Tuesday, April 8, 2014

Withers Farm in Stafford County, VA


As we build our own community on the land known as Celebrate Virginia North, formerly part of the England Farm, and the Civil War Northern Army Mud March, we researched another family who inhabited this land.

The genealogists that we are we couldn’t help but notice the two stone cemetery set off among the new homes.  The corner lot is preserved in honor of the Withers family.  The Withers family had a farm of over 3200 acres. The farmhouse still existed when the property was purchased by developers.  We were curious about our cemetery neighbors and my hubby set out to research this family. He wrote an article for our community newsletter with his findings. That article was titled, Wither Art Thou?

Mary De Jarnette Withers, wife of Edward has the oldest stone. Mary and Edward had eight children before she died at the age of 37. Edward then married Mary’s sister, Sophie and they had another eight children.  My husband concluded, “He, obviously, didn’t ‘wither away.’”

The second stone in the cemetery is that of Charles Withers who died in 1818 at the age of 57. Charles, unmarried, was a brother to Edward.

Charles and Edward are two of nine children born to James and Susan Waller Withers.  In 1793 James Withers was reported to hold the office of Tobacco Inspector for Stafford County.  Consequently the Withers was a prominent family in the area.

Anita Dodd of the Stafford County Cemetery Committee thinks there are additional graves in the plot, though no more stones have been found. Not to worry though. The small cemetery is property maintained and protected by black wrought iron fence. The Withers family presence on this land is remembered and honored. We will do our best to continue good stewardship. 

Monday, April 7, 2014

James Monroe High School (Bronx, NY) Class of 1937 Committee Chairmen

I was browsing through my blog page views this morning and noticed a large number for the James Monroe High School Swim Team. Looking through my dad's copy of the 1937 Monrovian I noted there are not many group photos; none of the sports teams. Maybe that is why the picture of the swim team garnered so much interest. 


From 1937 Monrovian yearbook

There are a few photos of "Activities" and this is a picture of the "Committee Chairmen." What their duties entailed is a mystery. Maybe someone out there can clarity.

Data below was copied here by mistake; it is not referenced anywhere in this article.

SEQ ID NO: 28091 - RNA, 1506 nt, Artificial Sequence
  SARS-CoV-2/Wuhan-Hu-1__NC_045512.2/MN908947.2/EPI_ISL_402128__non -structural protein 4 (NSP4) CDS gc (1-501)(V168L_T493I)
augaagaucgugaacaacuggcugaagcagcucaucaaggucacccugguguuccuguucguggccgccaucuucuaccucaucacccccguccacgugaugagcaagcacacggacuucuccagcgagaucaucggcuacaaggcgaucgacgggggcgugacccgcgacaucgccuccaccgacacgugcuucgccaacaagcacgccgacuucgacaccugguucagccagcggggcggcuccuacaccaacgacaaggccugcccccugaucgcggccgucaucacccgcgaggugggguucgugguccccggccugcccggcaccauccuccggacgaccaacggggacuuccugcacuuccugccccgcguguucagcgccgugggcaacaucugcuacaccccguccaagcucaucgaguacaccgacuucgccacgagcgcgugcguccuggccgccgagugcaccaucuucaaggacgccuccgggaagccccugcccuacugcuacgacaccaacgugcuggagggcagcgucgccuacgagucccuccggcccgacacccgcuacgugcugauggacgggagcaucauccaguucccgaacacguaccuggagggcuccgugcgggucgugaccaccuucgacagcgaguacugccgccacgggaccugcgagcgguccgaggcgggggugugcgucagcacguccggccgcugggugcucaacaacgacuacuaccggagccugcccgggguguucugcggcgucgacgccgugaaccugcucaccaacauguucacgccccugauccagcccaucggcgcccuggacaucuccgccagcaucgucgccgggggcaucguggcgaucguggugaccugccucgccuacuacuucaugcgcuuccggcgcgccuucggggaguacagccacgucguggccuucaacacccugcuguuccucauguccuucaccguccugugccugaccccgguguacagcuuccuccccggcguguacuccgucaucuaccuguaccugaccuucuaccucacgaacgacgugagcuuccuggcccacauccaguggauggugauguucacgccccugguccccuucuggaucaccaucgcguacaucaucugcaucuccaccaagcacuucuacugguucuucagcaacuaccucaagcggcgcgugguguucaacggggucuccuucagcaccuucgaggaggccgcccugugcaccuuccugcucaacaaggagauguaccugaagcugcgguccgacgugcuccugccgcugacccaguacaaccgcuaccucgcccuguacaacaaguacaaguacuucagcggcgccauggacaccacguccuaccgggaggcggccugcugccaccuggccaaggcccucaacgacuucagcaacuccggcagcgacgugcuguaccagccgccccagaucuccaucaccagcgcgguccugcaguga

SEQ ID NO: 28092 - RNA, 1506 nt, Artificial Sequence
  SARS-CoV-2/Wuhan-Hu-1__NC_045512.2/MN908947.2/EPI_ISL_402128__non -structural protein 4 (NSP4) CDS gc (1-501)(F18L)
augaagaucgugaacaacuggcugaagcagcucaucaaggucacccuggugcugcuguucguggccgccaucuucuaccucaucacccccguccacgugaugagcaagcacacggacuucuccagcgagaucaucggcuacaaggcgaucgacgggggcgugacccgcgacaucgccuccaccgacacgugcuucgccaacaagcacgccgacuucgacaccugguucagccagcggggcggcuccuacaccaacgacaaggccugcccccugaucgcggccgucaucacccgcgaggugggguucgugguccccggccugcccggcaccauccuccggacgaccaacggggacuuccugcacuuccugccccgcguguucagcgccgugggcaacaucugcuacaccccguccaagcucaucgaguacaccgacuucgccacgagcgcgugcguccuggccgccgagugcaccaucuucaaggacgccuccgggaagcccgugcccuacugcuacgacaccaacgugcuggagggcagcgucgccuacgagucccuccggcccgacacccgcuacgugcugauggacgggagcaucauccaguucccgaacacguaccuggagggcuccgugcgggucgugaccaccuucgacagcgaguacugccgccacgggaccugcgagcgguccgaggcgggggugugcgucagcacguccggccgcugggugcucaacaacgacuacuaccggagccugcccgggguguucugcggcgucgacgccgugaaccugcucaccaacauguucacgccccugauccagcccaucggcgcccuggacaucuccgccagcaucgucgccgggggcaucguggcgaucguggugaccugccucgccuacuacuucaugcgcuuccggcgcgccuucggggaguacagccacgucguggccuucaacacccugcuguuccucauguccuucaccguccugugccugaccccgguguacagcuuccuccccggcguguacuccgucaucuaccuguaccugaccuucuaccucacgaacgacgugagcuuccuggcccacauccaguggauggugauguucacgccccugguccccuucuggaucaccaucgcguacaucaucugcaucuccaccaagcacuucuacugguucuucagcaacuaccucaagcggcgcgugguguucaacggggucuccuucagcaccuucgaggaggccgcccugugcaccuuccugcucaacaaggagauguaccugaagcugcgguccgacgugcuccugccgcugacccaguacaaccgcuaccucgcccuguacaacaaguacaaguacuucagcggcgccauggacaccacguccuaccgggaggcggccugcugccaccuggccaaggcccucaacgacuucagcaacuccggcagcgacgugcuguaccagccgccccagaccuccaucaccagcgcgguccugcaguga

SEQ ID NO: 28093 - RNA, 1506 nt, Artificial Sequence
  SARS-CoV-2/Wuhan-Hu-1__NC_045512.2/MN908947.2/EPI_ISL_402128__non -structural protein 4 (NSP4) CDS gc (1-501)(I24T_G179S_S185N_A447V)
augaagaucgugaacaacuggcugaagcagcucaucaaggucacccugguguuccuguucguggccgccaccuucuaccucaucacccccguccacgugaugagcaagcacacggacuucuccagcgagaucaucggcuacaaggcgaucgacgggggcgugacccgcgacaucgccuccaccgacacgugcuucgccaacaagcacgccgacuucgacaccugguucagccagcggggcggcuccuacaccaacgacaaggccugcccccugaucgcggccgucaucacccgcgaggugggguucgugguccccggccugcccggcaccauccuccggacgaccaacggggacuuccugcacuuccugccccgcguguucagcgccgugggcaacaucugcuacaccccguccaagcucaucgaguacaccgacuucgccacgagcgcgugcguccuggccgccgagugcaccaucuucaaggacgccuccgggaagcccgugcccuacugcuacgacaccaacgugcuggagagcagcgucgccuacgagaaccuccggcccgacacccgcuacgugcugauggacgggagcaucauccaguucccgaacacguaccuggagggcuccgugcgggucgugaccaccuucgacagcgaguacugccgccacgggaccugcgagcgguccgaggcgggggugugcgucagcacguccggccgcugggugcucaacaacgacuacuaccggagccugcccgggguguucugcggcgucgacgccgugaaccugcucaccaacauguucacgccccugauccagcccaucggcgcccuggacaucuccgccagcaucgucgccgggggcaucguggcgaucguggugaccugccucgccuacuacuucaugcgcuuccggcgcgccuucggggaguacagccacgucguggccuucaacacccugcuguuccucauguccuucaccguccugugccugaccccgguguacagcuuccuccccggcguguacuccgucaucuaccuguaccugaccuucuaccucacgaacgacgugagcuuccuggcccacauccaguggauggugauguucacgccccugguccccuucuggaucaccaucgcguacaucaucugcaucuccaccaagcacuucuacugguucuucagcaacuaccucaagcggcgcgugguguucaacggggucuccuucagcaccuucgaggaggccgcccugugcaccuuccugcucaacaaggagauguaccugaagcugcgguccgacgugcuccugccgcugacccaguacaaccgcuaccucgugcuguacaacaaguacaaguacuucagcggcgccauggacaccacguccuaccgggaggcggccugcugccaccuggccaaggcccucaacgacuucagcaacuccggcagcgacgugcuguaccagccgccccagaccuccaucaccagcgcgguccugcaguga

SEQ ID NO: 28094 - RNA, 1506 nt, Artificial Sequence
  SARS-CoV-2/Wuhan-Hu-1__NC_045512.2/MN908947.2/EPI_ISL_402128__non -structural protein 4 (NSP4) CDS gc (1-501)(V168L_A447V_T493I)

Saturday, April 5, 2014

Seine Pocket Farm


Revolutionary War soldier John England b: abt 1755 served as a private in the Virginia Colony Army under Captain Mason Pilcher and Colonel William Garrand.  Mr. England was a farmer, locating in Stafford County from Bucks County, PA.  His farm was located along the Rappahannock River and named Seine Pocket Farm for the river’s rock formations that trapped fish as the tides changed.

Mr. England at age 95 in 1850 lived with his son Patrick H. England, wife, Emma, and their five children in Stafford County.  I am still looking for his burial.

In 1990, Mr. England’s descendant, Anne Brooks, wrote a short bio of her Revolutionary War ancestor from which this write-up was taken. In the two page bio she states: “To this date of July 1990, there have been no families other than Englands living on the property since John England owned it. Seine Pocket was sold out of the England-Brooks family in the late 1940s. The farm now overgrown and sitting in the path of developers would be a terrible loss to the local people.”

My interest in John England is because I believe his farm is just a short walk from our new home in the dreaded new development that Anne refers to.  If further research proves the England farm was so near, then it is only right that we do something, like placing a marker at the site to honor the homestead of John England.

Thanks, Anne, for your family history.  

Saturday, March 29, 2014

Kate and Carl Preiss


Kate Nunn was born 21 December 1893, the fifth child of Joseph and Catherina Kurtz Nunn. The family lived at 2030 First Avenue in New York City.   Kate was 6-1/2 when the city’s Outdoor Poor arrived to take her and her siblings upstate to St. Joseph’s Home in Peekskill, New York.  The home was paid $2.00 a week for her keep.

I have it on good authority that Kate married Carl Preiss. I don’t know when.  I also learned that Kate died at a young age in childbirth, or possibly a miscarriage.  Kate and Carl lived in the Bronx.

So far I have been unable to find this couple on a census or any other database.  I would love to connect with any Preiss family that might have further information on this couple.